The original TRON, about a man trapped in a computer world he created, was only a modest success at the box office. It probably wouldn’t seem like much of a candidate for receiving a sequel, particularly years after the fact, even given Hollywood’s current tendency to sequelize or remake absolutely everything from the 1980s. But the movie developed a cult following in the years since its release, and in 2010, Disney evidently felt the time was right to revisit the property.
It’s a rare instance of a 30-year-later sequel actually being worth watching in its own right. And it even manages to pull off the delicate balancing act between paying heed to the original while standing on its own legs. People who haven’t seen TRON could still enjoy TRON: Legacy; people who have, will have a little more grounding in which to enjoy it.
TRON: Legacy opens in 1989 with Kevin Flynn (Jeff Bridges reprising his role from the original film) bonding with his son, Sam, with some storytelling of his exploits from the original movie. He finished by telling Sam that something miraculous has happened, and he’ll explain it soon. For now, he has to go and investigate it further. It’s the last time anybody sees Flynn.
20 or so years later, we see that Sam (played as an adult by Garrett Hedlund) has become something of a wastrel; a college dropout, living alone, earning his living off the majority share he holds in his father’s company, but having no interest in the company itself other than occasionally pranking them. It seems like he has no real ambitions in life. And then Flynn’s old friend and co-worker Alan Bradley (Bruce Boxleitner, also reprising his role, and that of Tron himself) shows up. Alan has received a page… from the office of Flynn’s arcade. It’s been disconnected for 20 years. Alan and Sam know it must be a message from Flynn.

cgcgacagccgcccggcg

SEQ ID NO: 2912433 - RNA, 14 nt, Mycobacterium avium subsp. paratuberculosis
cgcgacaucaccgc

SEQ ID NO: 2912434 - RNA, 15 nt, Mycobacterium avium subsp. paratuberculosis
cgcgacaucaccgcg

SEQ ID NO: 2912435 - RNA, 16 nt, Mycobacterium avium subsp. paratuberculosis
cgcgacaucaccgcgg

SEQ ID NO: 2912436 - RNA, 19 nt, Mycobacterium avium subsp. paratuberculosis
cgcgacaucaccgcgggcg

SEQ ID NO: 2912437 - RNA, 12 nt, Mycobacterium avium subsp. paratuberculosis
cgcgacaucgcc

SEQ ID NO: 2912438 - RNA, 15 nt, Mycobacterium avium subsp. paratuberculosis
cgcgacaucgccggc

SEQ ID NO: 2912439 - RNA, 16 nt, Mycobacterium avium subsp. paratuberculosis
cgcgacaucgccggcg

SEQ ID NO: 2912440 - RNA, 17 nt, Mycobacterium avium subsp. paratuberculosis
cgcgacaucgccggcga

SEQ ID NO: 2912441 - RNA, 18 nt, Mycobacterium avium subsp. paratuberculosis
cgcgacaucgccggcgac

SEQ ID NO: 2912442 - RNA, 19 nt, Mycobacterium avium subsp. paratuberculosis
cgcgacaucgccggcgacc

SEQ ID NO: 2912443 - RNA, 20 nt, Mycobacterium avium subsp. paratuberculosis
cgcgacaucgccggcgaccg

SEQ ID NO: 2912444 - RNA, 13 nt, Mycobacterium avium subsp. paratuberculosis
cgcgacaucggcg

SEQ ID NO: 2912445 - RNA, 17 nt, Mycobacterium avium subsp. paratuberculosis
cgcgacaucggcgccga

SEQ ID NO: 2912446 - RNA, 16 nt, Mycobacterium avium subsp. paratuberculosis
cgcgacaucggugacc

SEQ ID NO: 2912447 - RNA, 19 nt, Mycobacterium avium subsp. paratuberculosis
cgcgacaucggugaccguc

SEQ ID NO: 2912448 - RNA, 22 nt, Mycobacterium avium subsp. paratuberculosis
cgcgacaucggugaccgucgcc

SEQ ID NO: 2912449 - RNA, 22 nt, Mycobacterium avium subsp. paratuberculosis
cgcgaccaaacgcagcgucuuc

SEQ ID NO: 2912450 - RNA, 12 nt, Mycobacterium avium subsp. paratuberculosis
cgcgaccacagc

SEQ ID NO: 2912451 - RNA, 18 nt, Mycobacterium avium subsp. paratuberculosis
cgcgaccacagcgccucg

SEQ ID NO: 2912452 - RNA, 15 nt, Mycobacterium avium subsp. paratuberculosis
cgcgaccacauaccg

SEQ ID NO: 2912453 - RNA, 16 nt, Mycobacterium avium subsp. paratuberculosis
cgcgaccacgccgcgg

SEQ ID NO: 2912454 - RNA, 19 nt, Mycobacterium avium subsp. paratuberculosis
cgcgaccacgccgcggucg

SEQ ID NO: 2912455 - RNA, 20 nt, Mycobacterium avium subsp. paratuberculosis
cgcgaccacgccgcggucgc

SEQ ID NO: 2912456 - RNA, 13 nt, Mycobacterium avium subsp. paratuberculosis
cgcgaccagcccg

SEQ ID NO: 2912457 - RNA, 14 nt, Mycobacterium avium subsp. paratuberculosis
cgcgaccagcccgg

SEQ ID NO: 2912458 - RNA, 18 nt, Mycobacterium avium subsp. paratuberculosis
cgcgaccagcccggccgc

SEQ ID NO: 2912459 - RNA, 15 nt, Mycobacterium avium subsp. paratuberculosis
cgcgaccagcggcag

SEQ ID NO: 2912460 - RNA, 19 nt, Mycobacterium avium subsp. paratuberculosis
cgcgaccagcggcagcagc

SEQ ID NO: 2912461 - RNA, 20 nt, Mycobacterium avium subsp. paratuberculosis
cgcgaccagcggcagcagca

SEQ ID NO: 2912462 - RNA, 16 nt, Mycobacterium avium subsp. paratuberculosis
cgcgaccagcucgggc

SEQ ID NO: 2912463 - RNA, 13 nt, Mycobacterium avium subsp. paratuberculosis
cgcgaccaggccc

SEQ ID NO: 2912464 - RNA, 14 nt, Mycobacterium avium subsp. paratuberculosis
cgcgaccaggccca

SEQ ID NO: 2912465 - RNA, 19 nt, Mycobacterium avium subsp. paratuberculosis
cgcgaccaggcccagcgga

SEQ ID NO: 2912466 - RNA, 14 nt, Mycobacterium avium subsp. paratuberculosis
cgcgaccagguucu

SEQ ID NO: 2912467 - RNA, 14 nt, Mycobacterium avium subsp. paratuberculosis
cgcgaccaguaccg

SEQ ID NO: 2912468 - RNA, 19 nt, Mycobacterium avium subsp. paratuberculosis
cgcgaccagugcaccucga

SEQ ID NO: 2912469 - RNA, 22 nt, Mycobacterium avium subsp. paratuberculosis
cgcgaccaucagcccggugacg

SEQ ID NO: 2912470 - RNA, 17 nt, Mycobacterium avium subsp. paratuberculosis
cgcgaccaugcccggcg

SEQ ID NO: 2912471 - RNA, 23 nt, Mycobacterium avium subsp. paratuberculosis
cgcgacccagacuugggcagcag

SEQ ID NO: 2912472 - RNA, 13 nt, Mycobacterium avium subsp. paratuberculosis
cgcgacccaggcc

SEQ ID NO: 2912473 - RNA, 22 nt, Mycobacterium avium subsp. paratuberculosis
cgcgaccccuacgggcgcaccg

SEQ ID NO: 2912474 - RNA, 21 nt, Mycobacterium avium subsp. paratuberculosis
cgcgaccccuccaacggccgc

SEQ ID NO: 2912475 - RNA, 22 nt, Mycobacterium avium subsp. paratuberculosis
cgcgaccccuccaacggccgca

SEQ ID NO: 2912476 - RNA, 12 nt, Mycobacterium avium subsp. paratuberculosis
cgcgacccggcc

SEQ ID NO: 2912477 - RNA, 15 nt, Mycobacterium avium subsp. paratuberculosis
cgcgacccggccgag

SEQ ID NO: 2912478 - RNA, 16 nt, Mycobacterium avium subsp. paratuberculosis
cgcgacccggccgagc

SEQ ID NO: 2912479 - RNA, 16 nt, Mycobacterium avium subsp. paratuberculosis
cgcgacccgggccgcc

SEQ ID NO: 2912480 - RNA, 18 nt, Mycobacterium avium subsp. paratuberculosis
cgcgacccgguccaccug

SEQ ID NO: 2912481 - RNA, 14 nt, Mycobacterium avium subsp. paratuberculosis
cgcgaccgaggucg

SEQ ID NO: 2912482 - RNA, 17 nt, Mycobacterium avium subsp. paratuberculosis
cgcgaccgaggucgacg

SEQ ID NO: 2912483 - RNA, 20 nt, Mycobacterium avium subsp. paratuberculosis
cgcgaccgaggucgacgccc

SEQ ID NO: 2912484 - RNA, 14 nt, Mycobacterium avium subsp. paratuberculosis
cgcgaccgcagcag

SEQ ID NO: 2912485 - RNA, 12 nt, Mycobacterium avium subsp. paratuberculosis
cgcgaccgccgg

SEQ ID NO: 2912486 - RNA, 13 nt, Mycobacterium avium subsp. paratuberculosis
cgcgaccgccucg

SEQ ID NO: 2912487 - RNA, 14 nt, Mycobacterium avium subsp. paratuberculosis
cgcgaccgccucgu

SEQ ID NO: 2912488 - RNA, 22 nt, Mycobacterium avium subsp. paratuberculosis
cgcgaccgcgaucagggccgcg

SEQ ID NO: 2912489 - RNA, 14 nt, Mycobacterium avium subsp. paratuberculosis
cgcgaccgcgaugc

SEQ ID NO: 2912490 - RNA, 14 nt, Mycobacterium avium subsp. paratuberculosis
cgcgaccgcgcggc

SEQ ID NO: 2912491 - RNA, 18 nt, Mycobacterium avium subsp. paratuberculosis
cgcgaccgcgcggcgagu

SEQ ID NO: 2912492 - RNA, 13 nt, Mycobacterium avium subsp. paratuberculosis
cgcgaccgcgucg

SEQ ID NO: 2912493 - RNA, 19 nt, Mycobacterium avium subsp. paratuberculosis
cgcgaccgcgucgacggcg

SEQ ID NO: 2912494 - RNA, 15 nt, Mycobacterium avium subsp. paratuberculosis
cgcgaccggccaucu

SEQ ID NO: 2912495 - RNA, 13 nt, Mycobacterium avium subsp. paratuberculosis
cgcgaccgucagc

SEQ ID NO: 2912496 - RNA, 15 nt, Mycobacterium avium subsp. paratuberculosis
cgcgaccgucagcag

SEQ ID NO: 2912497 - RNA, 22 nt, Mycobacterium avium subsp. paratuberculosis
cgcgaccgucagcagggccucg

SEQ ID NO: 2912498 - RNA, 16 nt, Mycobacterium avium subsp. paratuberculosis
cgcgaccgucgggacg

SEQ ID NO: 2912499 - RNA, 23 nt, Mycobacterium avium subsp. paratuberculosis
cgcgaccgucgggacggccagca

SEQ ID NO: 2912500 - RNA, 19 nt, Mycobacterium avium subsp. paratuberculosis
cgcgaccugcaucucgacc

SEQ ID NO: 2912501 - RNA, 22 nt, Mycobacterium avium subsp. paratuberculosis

Sam goes to the arcade, and finds a hidden office. In it is the digitizer that transferred Flynn before, and it does so for Sam now. Sam finds that his father has been trapped in the digital world all this time (which doesn’t really come as a surprise to the audience, of course.) Kevin had created a new Clu program, with a template based on himself, to run the city while he was away, and make “a perfect world”. (Clu is also played by Jeff Bridges, with some digital de-aging to render him as a 30-year-old. It works reasonably well, and if he looks just a bit unnatural, this is at least excusable for an unnatural being.) The arrangement worked until the development of the “ISOs”, programs that spontaneously came into being without human intervention, and are actually digital lifeforms. Kevin Flynn’s miracle.
And an imperfection in Clu’s perfect world.
When Flynn sought to nurture the ISOs, Clu turned against him, defeating Tron (Boxleitner again, also de-aged) and initiating a purge against the ISOs. Flynn was unable to make it to the portal outside before it closed. Ever since, he’s lived in exile outside of the city, aided only by Quorra (Olivia Wilde), a program who has become something of a surrogate child for him.
With Sam in the digital world now, the stalemate between Flynn and Clu has changed. Clu now feels he has the opportunity to obtain Flynn’s identity disc (the lynch pin of Clu’s plans), and is prepared to do just about anything to get it. Sam, Flynn, and Quorra have a simple set of tasks to accomplish: stay alive, resist Clu, get to the portal and make it home.